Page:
Etna Interactive
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New Jersey

The Garden State has grown quite a thicket of medical marketing regulations. New Jersey practitioners are well advised to read through all of New Jersey’s statutes and regulations carefully with their legal counsel. At Etna Interactive, we’re serious about providing medical website designs that help our clients to satisfy their ethical and legal responsibilities.

More Information

Oversight Body:
New Jersey State Board of Medical Examiners

Reference Citation:
N.J.A.C. ยง 13:35-6.10

Sample Best Practices

We’ve developed some sample best practices to help you get started discussing your medical marketing with your legal counsel in more detail. Find out if you need to take steps to avoid the following:

  • Including in your advertising any statement, claim or format including, but not limited to, a graphic representation, which is false, fraudulent, misleading or deceptive.
  • Making any misrepresentation of a material fact.
  • Suppressing, omitting, or concealing any material fact under circumstances when you know or should know that the omission is improper or prohibits a prospective patient from making a full and informed judgment on the basis of the information set forth in the advertisement.
  • Making any claim that the service performed or the materials used are superior to that which is ordinarily performed or used in the profession.
  • Promoting a professional service which you know or should know is beyond your ability to perform.
  • Communicating in a way that appears to intimidate, exert undue pressure or to unduly influence a prospective patient or consumer.
  • Providing any information that may personally identify a patient without the patient’s signed written permission obtained in advance.
  • Paying for referral of a patient.
  • Directly or indirectly obscuring a material fact.
  • Guaranteeing results from a procedure.
  • Advertising fees without giving a fixed or a stated range of fees for specifically described routine professional services or goods offered.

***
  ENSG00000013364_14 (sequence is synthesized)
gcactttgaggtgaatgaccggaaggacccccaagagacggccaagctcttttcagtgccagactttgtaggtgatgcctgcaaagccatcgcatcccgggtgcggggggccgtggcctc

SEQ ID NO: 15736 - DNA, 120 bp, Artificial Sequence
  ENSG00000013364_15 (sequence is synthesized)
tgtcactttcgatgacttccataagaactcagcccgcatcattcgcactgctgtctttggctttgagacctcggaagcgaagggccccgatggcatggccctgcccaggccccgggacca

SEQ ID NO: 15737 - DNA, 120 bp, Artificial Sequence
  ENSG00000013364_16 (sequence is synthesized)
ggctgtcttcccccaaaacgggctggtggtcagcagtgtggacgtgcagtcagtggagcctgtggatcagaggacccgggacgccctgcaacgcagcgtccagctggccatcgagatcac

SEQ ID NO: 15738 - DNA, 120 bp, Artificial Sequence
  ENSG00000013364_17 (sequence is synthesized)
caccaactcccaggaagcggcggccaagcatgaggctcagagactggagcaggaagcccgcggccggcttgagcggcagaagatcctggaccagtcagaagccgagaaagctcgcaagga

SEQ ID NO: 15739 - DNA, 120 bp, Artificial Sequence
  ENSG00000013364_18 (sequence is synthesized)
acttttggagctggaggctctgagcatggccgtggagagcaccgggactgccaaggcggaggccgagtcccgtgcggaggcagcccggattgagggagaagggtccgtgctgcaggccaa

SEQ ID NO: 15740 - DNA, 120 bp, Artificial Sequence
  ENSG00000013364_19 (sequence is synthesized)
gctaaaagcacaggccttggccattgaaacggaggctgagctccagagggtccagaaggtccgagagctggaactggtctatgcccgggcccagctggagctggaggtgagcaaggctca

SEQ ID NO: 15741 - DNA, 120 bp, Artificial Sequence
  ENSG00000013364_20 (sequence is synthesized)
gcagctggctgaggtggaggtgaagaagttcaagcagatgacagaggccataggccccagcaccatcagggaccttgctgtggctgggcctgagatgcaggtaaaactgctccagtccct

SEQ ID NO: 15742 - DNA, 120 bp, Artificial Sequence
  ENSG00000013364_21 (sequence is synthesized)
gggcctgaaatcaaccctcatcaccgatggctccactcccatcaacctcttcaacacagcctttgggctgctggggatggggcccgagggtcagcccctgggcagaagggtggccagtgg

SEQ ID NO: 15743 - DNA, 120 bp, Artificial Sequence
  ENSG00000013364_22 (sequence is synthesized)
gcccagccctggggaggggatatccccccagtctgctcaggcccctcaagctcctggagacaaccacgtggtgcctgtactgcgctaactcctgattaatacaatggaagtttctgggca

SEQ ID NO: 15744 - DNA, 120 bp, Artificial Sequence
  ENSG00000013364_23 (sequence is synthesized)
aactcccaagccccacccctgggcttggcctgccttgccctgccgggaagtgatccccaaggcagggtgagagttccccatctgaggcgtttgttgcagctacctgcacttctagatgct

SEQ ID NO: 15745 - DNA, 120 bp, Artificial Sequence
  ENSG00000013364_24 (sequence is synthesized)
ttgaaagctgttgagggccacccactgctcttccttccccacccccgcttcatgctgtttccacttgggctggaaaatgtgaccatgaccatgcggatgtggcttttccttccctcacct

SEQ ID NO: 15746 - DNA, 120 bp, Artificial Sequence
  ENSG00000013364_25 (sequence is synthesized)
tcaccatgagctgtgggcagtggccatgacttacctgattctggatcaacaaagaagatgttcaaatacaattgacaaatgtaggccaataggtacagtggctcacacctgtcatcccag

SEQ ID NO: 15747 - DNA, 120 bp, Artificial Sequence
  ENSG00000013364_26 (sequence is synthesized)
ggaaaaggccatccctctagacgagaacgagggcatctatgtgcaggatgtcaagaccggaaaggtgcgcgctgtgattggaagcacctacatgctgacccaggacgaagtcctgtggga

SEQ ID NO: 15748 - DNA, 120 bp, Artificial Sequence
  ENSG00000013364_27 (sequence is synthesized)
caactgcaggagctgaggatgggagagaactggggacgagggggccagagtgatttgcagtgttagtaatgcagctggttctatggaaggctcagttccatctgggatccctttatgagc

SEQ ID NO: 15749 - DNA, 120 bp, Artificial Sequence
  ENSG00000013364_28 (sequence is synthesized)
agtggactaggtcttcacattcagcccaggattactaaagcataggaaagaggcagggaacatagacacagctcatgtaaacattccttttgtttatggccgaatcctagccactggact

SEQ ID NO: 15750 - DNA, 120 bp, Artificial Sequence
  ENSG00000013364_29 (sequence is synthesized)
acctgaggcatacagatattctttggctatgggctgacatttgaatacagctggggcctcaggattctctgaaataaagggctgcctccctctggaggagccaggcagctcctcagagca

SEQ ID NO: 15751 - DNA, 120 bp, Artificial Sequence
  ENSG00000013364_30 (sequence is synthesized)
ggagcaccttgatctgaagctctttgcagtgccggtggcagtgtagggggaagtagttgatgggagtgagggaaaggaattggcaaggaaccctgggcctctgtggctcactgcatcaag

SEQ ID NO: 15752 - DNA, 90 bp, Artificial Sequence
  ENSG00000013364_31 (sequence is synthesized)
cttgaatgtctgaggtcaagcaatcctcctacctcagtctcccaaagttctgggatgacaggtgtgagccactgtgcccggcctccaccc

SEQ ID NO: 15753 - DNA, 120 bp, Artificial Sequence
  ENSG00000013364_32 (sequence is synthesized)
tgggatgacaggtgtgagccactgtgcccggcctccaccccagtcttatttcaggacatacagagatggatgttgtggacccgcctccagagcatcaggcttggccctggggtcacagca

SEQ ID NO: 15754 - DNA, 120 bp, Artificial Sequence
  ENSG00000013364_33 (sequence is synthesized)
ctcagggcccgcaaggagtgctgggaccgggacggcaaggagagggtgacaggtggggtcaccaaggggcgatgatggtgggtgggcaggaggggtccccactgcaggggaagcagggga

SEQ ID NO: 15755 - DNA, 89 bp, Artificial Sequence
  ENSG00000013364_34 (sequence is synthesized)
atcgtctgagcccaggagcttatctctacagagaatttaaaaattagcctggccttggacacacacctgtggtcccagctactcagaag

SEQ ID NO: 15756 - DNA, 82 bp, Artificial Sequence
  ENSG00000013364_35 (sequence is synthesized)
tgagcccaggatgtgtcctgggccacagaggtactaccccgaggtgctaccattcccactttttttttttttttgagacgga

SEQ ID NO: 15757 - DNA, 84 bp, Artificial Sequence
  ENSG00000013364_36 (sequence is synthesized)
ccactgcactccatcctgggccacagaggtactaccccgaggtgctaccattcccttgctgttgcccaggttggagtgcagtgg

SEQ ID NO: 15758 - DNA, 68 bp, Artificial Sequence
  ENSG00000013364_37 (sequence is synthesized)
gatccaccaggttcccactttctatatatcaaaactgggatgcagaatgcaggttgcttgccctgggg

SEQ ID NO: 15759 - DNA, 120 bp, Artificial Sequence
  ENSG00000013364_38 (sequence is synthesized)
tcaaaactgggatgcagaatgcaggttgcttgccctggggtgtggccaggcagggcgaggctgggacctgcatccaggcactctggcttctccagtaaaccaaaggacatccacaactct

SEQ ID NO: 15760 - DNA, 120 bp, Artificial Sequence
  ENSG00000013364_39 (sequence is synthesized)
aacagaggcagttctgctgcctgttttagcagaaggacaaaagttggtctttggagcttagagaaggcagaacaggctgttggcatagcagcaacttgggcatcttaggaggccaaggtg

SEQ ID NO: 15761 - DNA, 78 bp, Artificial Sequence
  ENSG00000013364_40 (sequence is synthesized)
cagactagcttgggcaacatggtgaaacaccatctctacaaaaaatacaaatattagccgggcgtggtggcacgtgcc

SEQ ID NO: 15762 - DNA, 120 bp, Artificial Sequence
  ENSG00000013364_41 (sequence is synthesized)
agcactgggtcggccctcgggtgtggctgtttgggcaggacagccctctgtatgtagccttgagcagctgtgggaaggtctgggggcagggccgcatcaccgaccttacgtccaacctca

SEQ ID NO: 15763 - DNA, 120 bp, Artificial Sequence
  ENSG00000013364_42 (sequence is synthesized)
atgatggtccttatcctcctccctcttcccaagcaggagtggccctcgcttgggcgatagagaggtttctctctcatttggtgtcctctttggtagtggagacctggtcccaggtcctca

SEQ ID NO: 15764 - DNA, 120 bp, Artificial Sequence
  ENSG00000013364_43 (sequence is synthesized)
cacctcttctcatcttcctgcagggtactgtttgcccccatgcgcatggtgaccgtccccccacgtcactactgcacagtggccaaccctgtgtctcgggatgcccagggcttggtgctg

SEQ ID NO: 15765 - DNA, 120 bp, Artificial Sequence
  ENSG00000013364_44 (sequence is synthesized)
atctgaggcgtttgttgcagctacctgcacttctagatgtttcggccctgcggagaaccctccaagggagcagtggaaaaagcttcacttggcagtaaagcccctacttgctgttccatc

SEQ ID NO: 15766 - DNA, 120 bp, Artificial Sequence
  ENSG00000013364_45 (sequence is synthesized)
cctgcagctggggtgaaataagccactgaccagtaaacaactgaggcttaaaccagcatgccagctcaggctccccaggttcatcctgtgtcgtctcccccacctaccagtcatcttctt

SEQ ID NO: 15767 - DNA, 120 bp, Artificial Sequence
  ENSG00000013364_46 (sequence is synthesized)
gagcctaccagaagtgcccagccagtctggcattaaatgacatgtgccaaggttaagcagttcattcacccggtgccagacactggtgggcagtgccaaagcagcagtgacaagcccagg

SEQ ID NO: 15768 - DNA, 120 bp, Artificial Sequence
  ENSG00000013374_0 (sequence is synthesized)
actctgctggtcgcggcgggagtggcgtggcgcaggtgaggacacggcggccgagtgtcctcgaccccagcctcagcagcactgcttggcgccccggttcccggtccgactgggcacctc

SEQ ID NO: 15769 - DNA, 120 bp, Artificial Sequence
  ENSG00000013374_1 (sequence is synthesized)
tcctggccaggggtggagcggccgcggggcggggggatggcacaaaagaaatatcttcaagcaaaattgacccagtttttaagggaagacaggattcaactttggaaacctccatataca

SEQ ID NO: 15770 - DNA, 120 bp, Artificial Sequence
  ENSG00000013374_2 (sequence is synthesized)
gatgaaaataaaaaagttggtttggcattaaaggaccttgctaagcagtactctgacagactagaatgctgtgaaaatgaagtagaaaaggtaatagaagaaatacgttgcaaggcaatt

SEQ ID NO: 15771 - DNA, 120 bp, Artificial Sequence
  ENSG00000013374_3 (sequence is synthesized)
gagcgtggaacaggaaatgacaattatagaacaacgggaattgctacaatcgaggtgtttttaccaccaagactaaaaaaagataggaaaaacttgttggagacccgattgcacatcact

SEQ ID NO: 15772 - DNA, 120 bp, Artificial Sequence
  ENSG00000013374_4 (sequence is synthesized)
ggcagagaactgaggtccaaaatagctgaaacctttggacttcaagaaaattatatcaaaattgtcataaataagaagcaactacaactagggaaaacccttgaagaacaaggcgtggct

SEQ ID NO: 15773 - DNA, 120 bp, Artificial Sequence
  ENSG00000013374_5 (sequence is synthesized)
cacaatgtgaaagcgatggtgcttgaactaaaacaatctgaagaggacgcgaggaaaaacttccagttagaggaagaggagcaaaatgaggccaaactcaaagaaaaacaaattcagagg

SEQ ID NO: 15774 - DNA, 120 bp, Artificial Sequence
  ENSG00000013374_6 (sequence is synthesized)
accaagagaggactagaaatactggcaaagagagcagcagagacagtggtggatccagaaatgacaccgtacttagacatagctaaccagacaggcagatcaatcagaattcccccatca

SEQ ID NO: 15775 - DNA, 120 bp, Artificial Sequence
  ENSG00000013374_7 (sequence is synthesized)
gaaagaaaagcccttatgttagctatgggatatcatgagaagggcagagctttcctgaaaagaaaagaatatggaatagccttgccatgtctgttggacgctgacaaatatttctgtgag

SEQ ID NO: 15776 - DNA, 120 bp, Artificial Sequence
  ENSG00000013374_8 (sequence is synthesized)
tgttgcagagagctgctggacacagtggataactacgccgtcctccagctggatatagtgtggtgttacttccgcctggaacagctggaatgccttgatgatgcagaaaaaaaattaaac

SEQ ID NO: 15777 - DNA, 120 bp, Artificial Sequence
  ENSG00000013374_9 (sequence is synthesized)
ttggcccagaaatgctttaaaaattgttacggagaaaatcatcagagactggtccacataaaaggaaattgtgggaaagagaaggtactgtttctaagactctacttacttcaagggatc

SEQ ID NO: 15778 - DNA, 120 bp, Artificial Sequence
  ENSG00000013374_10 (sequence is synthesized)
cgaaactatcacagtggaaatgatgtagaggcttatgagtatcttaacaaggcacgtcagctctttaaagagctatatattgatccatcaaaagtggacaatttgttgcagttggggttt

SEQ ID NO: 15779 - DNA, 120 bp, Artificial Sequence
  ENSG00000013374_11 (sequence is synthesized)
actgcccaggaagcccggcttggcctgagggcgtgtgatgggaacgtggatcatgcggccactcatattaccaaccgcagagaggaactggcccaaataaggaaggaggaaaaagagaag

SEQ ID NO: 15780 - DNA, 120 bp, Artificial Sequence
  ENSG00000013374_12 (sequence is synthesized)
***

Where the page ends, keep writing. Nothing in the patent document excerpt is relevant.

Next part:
• Charging for additional services in conjunction with the fee for an advertised service unless the advertisement includes a specific delineation of additional services contemplated in the fee to be charged.
  • Advertising discounted services without stating the reduced fee or range of fees and the physician’s usual fee or range of fees for each service for which a reduction is advertised.
  • Advertising free services or discounts without including a statement of the specific charges for all associated or reasonably anticipated services which are not included in the offer of free or discounted services.
  • Charging for any service rendered during a period of 72 hours from the time the free service was rendered, except for those services specifically excluded in the advertisement offering free services.
  • Advertising without retaining for at least three years a copy of any print or electronic advertisement for review by the Board of Medical Examiners.
  • Claiming board certification without conspicuously specifying in the advertisement the specific specialty board or certifying entity granting the certification and the national organization recognizing such specialty board or certifying entity.
  • Using testimonials without complying with the extensive requirements related to testimonials.
  • Making scientific claims that cannot be substantiated.
  • Showing patient before and after photos without indicating that results vary and the results shown are not a guarantee.
  • Showing models without clearly indicating that the photos are not of actual patients.

Please help us keep these pages up to date. If you or your legal counsel notice an oversight in our comments or a problem with this page, please alert us by email. Also, be sure to read our legal disclaimer.

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